Greening Taupo

Untitled Document

“Trees are at the heart of the Greening Taupō project; by regenerating our native forests in our urban landscape we are not only allowing our native birds and wildlife to flourish but as residents of the Taupō - community we will also benefit.”

All around the country people are banding together to enhance the green life in their towns and cities. Even in our most picturesque locations there is scope to be greener.

Sue Lin talks to Nina Manning, the energetic project manager behind Greening Taupō (an organisation working to build healthy neighbourhoods by increasing the greenery in the community and promoting green urban development.

 “This job certainly ticks that box. I grew up in Taupō and have chosen to bring my kids up here. To be doing something that is making a difference to the community. It’s making Taupō a better place for my family to live in is a huge motivator for me.”

Nina describes her role as ‘joining the dots’; not only planting ecological corridors to connect wildlife habitats, but also bringing different community groups together to work towards a common goal. She is keen to involve as many local people as possible. School children are very hands on in helping with planting. Individuals and businesses can also get involved by becoming a Greening Taupō - Partner or Member.

Community planting and maintenance days held by Greening Taupō - are a great way to get trees planted in a socially enjoyable way. The planting days have another important function; they motivate people to plant trees in their own back yards.

“If everyone does a little bit in their own gardens it makes a big difference”, says Nina. “Every bit of planting and pest control helps wildlife to flourish and that in turn makes Taupō - a more attractive place to live and visit.”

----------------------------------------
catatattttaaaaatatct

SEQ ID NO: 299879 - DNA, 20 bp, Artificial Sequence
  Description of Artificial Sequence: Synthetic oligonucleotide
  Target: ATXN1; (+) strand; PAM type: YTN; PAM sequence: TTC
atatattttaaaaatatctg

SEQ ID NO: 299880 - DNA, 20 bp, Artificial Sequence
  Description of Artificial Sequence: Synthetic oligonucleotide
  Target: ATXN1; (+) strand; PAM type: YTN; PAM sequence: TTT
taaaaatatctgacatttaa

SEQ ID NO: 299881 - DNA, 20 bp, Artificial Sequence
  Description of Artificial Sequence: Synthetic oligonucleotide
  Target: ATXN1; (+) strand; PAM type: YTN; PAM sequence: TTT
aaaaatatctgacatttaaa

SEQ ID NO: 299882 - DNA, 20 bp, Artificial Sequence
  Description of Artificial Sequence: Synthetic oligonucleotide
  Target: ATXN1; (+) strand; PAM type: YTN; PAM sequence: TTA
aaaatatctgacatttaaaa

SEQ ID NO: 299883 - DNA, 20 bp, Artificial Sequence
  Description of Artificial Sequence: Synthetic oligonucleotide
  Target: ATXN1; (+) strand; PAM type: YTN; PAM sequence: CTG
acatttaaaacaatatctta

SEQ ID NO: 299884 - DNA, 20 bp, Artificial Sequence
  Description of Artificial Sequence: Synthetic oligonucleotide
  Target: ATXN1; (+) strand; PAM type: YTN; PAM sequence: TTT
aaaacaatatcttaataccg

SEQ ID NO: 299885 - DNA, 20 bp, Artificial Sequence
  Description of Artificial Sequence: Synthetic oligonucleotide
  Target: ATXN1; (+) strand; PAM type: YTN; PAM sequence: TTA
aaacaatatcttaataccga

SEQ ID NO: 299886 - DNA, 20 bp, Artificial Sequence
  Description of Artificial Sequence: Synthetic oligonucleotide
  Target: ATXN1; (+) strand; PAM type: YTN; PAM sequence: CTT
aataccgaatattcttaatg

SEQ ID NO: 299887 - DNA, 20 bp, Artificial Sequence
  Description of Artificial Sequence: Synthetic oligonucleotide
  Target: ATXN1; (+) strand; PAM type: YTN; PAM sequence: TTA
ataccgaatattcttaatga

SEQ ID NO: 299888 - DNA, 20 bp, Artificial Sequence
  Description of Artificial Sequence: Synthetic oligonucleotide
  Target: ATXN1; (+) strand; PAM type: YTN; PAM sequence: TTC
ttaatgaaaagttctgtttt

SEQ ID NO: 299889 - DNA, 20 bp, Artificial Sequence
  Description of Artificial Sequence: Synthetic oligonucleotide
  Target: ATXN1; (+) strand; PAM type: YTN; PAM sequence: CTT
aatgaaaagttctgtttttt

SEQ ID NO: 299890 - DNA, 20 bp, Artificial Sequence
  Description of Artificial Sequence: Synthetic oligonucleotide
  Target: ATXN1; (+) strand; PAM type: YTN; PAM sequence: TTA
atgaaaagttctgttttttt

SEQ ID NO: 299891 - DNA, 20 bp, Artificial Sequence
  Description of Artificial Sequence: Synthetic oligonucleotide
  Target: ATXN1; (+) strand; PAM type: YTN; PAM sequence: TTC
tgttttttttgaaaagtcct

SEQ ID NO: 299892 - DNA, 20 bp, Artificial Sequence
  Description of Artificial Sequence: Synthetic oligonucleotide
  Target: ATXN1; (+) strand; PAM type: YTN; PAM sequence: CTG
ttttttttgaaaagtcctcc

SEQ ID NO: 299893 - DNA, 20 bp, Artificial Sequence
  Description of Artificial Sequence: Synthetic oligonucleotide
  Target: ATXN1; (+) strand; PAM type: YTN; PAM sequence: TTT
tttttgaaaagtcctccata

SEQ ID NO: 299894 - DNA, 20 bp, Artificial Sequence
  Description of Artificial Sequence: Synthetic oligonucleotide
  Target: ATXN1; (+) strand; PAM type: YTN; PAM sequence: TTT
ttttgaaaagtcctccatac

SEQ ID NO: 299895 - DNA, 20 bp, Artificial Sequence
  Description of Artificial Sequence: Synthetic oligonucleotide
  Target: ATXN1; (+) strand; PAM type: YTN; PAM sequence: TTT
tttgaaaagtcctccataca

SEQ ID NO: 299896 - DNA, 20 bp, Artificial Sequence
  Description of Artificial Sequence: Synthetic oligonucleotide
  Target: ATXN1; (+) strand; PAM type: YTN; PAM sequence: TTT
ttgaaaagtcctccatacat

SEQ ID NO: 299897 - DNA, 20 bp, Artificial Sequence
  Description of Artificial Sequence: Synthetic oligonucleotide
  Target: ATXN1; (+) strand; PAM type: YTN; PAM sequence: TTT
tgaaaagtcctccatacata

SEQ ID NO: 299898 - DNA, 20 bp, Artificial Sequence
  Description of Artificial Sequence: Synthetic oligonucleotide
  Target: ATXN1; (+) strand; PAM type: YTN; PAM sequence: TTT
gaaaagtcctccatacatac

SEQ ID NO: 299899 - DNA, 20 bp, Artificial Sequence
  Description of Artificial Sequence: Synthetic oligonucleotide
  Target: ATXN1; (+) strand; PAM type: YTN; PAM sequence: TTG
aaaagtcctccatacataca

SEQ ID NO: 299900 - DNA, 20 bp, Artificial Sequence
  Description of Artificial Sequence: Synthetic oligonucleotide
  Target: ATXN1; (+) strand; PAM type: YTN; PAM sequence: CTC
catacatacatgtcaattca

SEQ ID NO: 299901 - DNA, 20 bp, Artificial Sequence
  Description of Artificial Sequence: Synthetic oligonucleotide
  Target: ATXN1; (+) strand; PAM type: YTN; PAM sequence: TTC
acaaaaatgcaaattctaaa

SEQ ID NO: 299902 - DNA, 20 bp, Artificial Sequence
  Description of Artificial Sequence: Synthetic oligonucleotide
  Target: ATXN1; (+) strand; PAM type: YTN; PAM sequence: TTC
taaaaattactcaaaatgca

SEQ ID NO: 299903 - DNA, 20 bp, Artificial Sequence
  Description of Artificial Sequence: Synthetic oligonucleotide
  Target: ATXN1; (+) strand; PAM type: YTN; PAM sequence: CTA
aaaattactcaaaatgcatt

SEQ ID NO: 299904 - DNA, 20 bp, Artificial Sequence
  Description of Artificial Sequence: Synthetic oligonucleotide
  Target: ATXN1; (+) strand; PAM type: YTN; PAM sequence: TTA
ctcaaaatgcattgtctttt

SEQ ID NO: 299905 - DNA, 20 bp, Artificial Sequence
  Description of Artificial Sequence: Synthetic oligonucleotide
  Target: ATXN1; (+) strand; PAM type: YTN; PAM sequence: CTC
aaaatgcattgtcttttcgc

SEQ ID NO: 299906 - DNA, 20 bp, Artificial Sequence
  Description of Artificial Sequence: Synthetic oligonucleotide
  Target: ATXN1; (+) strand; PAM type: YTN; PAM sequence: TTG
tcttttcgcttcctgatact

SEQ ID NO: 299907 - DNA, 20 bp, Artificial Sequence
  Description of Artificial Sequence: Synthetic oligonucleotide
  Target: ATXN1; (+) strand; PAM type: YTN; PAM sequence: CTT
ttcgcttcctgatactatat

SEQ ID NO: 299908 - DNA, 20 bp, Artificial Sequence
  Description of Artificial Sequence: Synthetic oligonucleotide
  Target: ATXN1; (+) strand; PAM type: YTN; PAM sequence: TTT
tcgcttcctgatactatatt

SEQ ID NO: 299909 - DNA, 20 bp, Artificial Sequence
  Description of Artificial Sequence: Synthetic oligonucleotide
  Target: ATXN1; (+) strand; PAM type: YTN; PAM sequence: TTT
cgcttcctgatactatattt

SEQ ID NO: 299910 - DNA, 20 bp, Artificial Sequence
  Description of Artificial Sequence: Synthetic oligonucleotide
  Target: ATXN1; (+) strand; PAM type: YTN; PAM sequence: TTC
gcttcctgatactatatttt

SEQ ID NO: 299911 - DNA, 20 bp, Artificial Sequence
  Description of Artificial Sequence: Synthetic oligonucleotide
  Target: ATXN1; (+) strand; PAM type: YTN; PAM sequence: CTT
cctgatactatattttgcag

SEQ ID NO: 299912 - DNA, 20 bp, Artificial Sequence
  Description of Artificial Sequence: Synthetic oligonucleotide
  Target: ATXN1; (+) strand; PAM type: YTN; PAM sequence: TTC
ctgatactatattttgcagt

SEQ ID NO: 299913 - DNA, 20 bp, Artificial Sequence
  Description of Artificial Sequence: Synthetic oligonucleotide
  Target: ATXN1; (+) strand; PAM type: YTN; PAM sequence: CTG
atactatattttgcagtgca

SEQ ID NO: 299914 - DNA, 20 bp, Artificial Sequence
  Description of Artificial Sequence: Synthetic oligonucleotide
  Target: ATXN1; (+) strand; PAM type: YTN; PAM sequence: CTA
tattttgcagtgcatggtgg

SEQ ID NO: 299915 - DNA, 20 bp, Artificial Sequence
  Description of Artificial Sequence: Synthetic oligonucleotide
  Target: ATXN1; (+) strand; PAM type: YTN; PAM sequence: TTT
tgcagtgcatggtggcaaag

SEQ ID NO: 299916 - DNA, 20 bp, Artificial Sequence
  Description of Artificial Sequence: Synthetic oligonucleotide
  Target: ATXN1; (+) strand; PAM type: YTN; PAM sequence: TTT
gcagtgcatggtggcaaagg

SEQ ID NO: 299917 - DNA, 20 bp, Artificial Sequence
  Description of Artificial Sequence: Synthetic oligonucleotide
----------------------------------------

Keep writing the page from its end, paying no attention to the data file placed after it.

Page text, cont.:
Councils, local hapu and businesses have come on board as Greening Taupō partners (providing land and financial resources for the planting projects). In the past year the partnerships have planted approximately 30,000 trees on both public and privately owned land, in and around the township.

School children are becoming increasingly involved with planting projects and Nina is enthusiastic about the educational potential, saying “I’m finding our local schools are very supportive and keen to get involved in planting projects, both at school and within the community.”

Nina says she is learning all the time about conservation, especially the value of trees. “The benefits are not just environmental, but social and economic too.”

Ideally at some point Greening Taupō - will take on a life of its own and no longer need her, but Nina hopes to continue working in conservation for the foreseeable future. “I really enjoy working with a diverse range of people and it’s great to see how this project is breaking down barriers when working with such a cross section of society,” she says.

“It’s a perfect fit for family life and following my love of conservation. And, hopefully I can leave a bit of legacy!”

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First published in Weekend Gardener issue 409. Written by NGINZ. Reproduced with permission of Weekend Gardener.